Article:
In separate indictments, Don A. Schroers was charged with being a felon in possession of one or more firearms and ammunition, in violation of 18 U.S.C. § 922(g)(1), and with conspiracy to possess with intent to distribute actual methamphetamine, in violation of 21 U.S.C. §§ 841(a)(1), 841(b)(1)(A)(viii), and 846. Schroers pleaded guilty to both counts. The district court
The United States Probation Office's presentence report (PSR) calculated Schroers's advisory sentencing range under the United States Sentencing Guidelines (Guidelines or U.S.S.G.). Because Schroers's counts of conviction were not closely related, the PSR grouped each count separately.
Schroers moved for a downward departure under U.S.S.G. § 4A1.3(b)(1), arguing that his criminal history category overstated the seriousness of his criminal history because it included 3 points for convictions of crimes that he had committed in 1994. Schroers was sentenced for those 1994 crimes after being sentenced for crimes that he had committed in 1995. He argued that had he been sentenced for the 1994 crimes first, he would have completed that sentence and those convictions would not have counted toward his criminal history category in the present case. Schroers also pointed out that he had committed the 1994 and 1995 crimes more than fifteen years ago and that he had not committed any violent crimes since then. The district court found that a criminal history category of IV was nonetheless appropriate, denied the downward departure, and imposed the concurrent sentences set forth above.
Schroers first argues that the district court erred in denying his motion for a downward departure. "[W]e generally will not review a district court's decision not to grant a downward departure `unless the district court had an unconstitutional motive or erroneously thought that it was without authority to grant the departure.'"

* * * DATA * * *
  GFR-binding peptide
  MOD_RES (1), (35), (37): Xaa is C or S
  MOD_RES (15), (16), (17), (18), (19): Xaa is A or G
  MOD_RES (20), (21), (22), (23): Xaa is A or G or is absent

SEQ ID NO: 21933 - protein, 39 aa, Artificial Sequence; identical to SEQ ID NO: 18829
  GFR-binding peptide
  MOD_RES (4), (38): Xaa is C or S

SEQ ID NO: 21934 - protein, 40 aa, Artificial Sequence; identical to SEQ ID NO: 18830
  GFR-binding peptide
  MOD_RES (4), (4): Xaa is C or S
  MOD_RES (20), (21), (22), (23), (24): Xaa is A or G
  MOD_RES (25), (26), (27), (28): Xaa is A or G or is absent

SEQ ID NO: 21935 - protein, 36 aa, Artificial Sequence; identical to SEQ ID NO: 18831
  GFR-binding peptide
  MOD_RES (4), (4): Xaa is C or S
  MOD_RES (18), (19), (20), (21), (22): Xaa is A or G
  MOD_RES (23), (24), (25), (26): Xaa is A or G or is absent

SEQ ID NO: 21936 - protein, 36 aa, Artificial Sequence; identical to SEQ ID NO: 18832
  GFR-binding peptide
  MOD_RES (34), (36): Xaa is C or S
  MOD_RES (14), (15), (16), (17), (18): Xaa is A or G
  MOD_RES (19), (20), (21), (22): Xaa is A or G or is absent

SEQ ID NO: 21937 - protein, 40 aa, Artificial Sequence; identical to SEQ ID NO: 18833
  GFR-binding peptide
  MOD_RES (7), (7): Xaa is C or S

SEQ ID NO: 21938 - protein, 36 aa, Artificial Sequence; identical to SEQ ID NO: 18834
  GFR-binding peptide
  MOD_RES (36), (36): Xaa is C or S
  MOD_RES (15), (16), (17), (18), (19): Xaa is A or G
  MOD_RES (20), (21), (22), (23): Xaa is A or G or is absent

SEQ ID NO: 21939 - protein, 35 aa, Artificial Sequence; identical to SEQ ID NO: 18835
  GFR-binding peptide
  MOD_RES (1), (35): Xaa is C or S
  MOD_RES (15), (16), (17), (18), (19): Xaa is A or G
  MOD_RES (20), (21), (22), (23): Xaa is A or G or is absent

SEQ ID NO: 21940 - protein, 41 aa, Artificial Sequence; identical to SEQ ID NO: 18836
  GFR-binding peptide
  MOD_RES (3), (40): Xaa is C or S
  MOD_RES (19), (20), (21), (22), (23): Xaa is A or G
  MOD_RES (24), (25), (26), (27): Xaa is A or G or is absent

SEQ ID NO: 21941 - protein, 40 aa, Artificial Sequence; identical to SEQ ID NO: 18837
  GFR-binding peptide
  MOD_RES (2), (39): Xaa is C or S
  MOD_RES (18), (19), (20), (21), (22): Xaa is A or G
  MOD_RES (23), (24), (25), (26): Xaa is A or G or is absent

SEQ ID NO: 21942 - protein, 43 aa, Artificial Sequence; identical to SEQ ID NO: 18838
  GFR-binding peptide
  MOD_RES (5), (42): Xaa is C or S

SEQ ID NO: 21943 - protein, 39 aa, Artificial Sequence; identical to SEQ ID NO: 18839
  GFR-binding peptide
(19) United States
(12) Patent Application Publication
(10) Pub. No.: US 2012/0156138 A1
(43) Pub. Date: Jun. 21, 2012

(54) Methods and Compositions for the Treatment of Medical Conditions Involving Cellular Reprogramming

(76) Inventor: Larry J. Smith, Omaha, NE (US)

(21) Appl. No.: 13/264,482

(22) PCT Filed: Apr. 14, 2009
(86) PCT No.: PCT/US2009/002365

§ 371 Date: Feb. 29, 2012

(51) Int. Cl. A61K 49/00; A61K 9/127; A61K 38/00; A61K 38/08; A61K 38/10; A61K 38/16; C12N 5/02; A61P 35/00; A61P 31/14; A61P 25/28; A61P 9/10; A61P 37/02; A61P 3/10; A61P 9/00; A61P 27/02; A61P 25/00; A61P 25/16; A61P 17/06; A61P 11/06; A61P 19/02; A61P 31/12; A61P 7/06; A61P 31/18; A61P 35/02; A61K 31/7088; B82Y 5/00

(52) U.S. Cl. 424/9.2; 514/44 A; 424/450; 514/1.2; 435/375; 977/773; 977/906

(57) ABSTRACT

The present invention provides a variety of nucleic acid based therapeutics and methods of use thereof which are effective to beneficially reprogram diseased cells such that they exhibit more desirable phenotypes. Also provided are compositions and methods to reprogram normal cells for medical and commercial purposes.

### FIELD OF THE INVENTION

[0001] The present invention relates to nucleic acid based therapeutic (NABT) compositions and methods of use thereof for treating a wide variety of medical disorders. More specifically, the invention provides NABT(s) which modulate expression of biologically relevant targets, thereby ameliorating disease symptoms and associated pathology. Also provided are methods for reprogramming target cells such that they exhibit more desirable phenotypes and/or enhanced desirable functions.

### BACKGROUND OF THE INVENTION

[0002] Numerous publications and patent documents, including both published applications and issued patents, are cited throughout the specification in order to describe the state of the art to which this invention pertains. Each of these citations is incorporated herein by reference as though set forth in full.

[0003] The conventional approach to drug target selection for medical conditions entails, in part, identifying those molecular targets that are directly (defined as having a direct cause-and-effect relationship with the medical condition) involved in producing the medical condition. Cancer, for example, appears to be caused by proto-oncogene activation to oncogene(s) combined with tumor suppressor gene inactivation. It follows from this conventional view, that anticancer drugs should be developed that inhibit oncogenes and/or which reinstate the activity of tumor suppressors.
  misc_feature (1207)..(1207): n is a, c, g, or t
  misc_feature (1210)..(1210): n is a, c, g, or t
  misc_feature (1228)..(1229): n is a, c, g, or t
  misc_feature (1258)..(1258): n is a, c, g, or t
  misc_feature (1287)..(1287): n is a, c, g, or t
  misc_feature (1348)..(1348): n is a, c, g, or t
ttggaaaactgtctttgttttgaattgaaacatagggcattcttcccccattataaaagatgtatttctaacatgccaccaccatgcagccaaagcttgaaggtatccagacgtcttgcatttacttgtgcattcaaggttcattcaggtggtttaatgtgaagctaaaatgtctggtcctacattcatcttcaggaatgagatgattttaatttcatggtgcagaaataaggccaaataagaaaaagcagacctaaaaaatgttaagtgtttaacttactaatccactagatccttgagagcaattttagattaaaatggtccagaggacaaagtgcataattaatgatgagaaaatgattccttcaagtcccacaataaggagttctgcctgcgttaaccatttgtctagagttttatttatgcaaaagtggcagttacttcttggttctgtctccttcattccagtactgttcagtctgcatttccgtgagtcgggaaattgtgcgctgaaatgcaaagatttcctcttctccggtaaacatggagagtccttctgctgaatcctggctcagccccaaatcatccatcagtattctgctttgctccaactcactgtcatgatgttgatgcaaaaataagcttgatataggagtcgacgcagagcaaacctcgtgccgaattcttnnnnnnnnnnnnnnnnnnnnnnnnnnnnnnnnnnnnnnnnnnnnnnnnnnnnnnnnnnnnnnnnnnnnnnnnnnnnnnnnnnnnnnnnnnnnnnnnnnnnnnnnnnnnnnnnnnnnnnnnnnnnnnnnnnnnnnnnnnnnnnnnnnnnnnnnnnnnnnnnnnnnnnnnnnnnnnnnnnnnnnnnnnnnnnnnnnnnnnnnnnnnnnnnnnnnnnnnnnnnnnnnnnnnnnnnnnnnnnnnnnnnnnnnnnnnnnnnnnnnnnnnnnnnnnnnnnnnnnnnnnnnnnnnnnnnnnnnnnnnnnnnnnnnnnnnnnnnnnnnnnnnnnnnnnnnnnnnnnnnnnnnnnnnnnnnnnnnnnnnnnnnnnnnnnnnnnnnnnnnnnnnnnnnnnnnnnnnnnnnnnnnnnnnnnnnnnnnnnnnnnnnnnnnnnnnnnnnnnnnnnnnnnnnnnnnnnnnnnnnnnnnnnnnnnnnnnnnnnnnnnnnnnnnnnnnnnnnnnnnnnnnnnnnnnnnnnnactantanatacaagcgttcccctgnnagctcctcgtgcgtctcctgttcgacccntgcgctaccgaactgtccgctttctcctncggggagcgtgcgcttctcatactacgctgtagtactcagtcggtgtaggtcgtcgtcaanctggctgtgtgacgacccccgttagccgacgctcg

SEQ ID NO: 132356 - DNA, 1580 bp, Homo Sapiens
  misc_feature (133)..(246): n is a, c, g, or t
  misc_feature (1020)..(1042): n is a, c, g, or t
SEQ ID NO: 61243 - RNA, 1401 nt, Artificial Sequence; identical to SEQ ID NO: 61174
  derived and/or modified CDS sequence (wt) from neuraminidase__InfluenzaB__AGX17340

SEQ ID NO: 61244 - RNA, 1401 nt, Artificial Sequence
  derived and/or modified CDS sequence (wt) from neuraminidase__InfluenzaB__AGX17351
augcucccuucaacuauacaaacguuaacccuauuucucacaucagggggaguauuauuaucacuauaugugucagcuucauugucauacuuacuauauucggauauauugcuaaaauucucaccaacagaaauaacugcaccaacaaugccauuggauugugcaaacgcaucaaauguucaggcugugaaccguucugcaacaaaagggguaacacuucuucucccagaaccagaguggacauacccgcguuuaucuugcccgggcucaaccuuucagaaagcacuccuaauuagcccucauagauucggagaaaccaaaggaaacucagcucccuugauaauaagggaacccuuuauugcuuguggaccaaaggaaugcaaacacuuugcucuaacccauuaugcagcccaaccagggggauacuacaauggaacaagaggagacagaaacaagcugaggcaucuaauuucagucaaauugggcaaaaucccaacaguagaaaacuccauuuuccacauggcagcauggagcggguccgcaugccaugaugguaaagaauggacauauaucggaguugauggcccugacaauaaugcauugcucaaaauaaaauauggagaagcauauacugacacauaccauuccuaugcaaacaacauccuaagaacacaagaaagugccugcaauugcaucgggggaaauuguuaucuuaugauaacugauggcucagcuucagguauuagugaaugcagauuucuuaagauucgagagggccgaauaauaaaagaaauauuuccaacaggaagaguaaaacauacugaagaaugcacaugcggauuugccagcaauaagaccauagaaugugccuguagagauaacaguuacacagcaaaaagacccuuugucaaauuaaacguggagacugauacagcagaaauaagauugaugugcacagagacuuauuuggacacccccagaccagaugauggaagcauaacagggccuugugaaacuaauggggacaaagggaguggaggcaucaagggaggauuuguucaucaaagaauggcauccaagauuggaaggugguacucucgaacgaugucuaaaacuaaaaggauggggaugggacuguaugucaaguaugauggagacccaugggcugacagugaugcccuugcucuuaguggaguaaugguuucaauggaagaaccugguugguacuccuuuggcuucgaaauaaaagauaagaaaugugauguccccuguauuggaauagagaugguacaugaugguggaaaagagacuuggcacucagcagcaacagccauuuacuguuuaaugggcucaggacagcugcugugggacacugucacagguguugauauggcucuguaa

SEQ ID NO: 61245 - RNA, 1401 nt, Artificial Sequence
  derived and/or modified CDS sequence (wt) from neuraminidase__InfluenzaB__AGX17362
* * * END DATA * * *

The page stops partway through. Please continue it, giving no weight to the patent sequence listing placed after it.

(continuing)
Schroers argues that the district court plainly erred when it sentenced him on the firearms offense to 120 months' imprisonment, the statutorily authorized maximum term of imprisonment.
The district court correctly calculated Schroers's advisory Guidelines sentencing range to be 188 to 235 months' imprisonment. It then correctly followed the procedure set forth in U.S.S.G. § 5G1.2, which instructs "the court [to] determine the total punishment and [to] impose that total punishment on each such count, except to the extent otherwise required by law." The district court determined Schroers's total punishment to be 144 months' imprisonment. It could not impose that sentence on the firearms count, however, because of the statutory 10-year maximum term of imprisonment on that count. The district court committed no error, and certainly no plain procedural error, by sentencing Schroers to the statutory maximum term of imprisonment on the firearms count.
The judgment is affirmed.